by Ryan Mauro
The Council on American-Islamic Relations (CAIR), a Muslim Brotherhood front group parading as a civil rights organization, took up the case of a Muslim-American named Yonas Fikre (shown left) after he alleged that he was tortured in the United Arab Emirates on behalf of the FBI. He and his brother have now been charged with trying to secretly transfer $75,000 to Sudan and the United Arab Emirates. His CAIR attorney predictably accuses the FBI of just trying to punish him for refusing to become an informant.
Fikre’s story is that he was originally approached by the FBI to become an informant in April 2010 during a family visit to Sudan, a country that is a state sponsor of terrorism. Fikre says he refused and was told that he was now on the no-fly list and couldn’t come back home if he didn’t cooperate.
Then, during a visit to the United Arab Emirates in June 2011, he was detained by the authorities for three months and, he claims, brutally tortured. He said that the UAE authorities asked him the same questions as the FBI did previously and that his interrogator, for some reason, told him that he was acting on orders from the FBI. After he was released, he fled to Sweden and is seeking asylum.
Never one to miss an opportunity to portray the U.S. government as systematically abusing Muslims, CAIR jumped on the case, professing his innocence. CAIR said it was part of a “pattern of proxy detention” designed to strip Muslim-Americans of their rights. Now that Fikre and his brother have been formally charged, CAIR says that the FBI is punishing him for going public.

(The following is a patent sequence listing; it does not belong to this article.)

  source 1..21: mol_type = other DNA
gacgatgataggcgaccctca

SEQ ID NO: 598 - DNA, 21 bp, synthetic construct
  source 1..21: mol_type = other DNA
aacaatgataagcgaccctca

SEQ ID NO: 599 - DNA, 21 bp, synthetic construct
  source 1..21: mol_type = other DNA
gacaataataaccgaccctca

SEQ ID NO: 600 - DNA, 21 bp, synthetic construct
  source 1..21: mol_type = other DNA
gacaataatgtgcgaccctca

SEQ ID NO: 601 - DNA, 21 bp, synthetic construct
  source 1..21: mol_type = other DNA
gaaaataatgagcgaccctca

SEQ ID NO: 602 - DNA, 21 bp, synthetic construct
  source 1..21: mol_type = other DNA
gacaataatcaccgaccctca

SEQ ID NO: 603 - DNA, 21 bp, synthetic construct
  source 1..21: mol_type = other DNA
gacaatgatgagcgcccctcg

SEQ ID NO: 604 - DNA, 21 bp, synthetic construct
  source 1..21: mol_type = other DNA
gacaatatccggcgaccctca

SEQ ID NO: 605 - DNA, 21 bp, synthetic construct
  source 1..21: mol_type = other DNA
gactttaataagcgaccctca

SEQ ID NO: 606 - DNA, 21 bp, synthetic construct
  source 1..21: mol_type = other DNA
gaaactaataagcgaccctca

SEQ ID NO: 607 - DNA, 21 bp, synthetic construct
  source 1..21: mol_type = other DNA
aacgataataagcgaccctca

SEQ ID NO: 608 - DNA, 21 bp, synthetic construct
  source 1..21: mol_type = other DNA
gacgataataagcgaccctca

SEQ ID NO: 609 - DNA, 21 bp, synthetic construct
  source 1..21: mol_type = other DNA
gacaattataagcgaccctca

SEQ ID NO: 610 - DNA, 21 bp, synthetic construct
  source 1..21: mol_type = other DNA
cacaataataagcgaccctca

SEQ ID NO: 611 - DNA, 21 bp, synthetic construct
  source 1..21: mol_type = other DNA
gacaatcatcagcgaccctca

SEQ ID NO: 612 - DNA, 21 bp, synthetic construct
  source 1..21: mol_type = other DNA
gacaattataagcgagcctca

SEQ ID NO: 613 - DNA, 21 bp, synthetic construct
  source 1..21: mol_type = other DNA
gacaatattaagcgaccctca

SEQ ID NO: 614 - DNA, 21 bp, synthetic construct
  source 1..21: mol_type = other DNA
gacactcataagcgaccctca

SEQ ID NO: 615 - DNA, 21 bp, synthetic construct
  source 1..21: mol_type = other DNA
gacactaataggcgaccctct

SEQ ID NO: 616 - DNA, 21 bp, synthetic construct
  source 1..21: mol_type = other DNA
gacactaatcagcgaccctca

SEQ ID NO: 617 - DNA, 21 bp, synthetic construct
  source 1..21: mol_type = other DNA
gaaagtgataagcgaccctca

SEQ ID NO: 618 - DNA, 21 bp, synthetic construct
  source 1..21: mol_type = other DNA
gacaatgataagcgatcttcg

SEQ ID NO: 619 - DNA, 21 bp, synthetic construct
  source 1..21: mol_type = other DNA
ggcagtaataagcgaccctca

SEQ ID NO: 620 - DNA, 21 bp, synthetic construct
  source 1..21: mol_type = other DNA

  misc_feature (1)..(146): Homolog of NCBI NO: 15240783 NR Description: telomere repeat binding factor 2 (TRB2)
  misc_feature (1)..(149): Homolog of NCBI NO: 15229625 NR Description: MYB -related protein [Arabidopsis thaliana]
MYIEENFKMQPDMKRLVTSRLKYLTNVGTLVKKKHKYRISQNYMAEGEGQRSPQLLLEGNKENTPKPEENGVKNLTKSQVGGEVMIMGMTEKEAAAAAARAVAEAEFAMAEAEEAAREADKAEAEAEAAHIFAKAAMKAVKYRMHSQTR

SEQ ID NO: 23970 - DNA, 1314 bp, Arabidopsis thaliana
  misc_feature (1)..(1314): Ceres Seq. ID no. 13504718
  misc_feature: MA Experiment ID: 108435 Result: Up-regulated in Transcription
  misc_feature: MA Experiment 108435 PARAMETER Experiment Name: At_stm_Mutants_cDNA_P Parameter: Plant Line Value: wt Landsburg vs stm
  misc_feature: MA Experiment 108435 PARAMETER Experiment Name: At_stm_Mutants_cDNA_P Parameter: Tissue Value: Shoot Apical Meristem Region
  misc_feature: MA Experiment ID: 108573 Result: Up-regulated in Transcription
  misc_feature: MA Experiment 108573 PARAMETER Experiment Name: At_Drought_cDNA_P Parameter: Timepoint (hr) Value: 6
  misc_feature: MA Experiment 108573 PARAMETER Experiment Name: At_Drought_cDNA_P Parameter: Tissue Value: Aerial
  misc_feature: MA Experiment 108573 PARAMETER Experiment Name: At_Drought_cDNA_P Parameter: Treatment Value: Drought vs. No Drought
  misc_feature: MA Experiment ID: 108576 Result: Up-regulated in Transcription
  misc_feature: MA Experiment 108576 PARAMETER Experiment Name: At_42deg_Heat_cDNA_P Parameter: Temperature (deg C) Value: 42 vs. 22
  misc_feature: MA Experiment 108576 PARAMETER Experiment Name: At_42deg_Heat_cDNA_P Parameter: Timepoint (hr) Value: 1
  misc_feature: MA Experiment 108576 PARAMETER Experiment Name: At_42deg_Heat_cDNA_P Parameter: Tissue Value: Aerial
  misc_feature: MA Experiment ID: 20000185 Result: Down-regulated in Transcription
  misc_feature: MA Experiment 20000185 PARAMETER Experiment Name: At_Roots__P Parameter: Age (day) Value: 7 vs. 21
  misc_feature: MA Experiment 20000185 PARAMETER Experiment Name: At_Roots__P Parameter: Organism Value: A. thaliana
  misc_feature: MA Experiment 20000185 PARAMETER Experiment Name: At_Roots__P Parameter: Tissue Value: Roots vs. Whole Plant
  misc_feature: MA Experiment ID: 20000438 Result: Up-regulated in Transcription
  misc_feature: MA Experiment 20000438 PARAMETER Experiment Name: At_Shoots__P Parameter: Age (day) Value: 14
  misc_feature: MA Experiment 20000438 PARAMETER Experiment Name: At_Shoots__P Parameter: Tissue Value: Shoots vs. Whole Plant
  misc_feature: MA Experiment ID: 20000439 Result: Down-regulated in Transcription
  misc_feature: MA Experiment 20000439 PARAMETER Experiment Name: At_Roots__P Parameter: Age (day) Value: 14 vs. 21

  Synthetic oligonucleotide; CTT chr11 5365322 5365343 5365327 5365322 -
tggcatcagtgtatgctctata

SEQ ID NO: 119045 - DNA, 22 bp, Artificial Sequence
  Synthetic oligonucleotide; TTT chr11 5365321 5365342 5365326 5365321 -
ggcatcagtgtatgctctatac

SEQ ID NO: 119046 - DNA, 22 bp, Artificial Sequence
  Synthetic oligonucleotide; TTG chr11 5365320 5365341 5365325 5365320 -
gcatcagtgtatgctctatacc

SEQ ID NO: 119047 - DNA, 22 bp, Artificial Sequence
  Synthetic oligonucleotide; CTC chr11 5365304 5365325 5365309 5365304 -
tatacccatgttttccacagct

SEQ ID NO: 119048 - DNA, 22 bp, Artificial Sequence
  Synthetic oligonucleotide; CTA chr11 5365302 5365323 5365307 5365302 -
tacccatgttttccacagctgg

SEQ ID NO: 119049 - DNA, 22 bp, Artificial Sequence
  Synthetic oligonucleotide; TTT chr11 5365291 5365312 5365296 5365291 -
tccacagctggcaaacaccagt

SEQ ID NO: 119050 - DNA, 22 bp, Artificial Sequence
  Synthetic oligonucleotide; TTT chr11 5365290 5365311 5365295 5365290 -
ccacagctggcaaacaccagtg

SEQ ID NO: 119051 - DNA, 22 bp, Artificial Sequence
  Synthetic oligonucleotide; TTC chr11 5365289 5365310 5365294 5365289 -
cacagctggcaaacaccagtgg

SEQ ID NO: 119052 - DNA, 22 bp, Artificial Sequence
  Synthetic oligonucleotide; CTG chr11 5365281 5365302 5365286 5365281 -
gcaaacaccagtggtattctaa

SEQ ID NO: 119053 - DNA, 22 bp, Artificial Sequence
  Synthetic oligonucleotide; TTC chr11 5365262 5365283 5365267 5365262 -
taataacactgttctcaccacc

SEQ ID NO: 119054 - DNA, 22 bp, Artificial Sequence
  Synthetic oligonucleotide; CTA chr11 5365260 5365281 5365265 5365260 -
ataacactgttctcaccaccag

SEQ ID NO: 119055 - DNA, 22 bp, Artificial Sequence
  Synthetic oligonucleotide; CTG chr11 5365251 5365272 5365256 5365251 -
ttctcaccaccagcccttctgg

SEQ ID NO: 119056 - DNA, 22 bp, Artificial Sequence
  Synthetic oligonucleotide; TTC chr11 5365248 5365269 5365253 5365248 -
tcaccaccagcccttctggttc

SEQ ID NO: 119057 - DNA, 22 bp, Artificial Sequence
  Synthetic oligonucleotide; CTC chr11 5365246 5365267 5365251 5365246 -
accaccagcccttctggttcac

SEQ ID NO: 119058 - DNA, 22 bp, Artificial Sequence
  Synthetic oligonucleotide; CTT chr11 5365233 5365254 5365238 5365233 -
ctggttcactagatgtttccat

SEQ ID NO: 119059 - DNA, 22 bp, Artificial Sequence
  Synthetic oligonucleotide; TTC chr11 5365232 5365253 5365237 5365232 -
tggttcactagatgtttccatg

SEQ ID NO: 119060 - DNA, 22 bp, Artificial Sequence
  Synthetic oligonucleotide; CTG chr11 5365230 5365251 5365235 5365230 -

Now, here’s the side of the story that CAIR isn’t keen on mentioning.
Fikre was the youth basketball coach of Masjed-as-Saber, also known as the Islamic Society of Portland. According to the Investigative Project on Terrorism, “Since the mid-1990s, the Portland mosque has been a center of significant radical fundamentalist activities.”
The ICP’s imam, Shiekh Mohamed Abdirahman Kariye, fought the Soviets in Afghanistan in the 1980’s and is a founding director of Global Relief Foundation, a charity sanctioned by the federal government in December 2001 for financing Al-Qaeda. The federal government wiretapped conversations revealing that Kariye gave $2,000 to each of seven Portland Muslims to go to Afghanistan to fight U.S. forces alongside the Taliban. They traveled to China, hoping to reach the battlefield through Pakistan. One of those involved said that Kariye preached that Muslims are obligated to fight U.S. forces overseas.
Fikre’s mosque was also attended by Mohamed Osman Mohamud, the Somali who sought to set off a bomb during a Christmas-tree lighting ceremony in 2010, an event where 10,000 men, women and children would be gathered. A "casual acquaintance" of Mohamud who also attends the mosque, Michael Migliore, was also placed on the no-fly list after visiting the United Kingdom. Two other ICP attendees, Mustafa Elogbi and Jamal Tarhuni, were also placed on the list after going to Libya.
Considering all of this, what’s more likely? That the federal government actually has good reason to be suspicious about Fikre, or that FBI ordered the UAE to torture an innocent Muslim for not bending to its will, during which the interrogator admitted to acting on behalf of the FBI? As CAIR would have you believe, the government made up the charges to prosecute him with afterwards.
Ryan Mauro is RadicalIslam.org's National Security analyst and a fellow with the Clarion Fund. He is the founder of WorldThreats.com and a frequent security analyst for Fox News.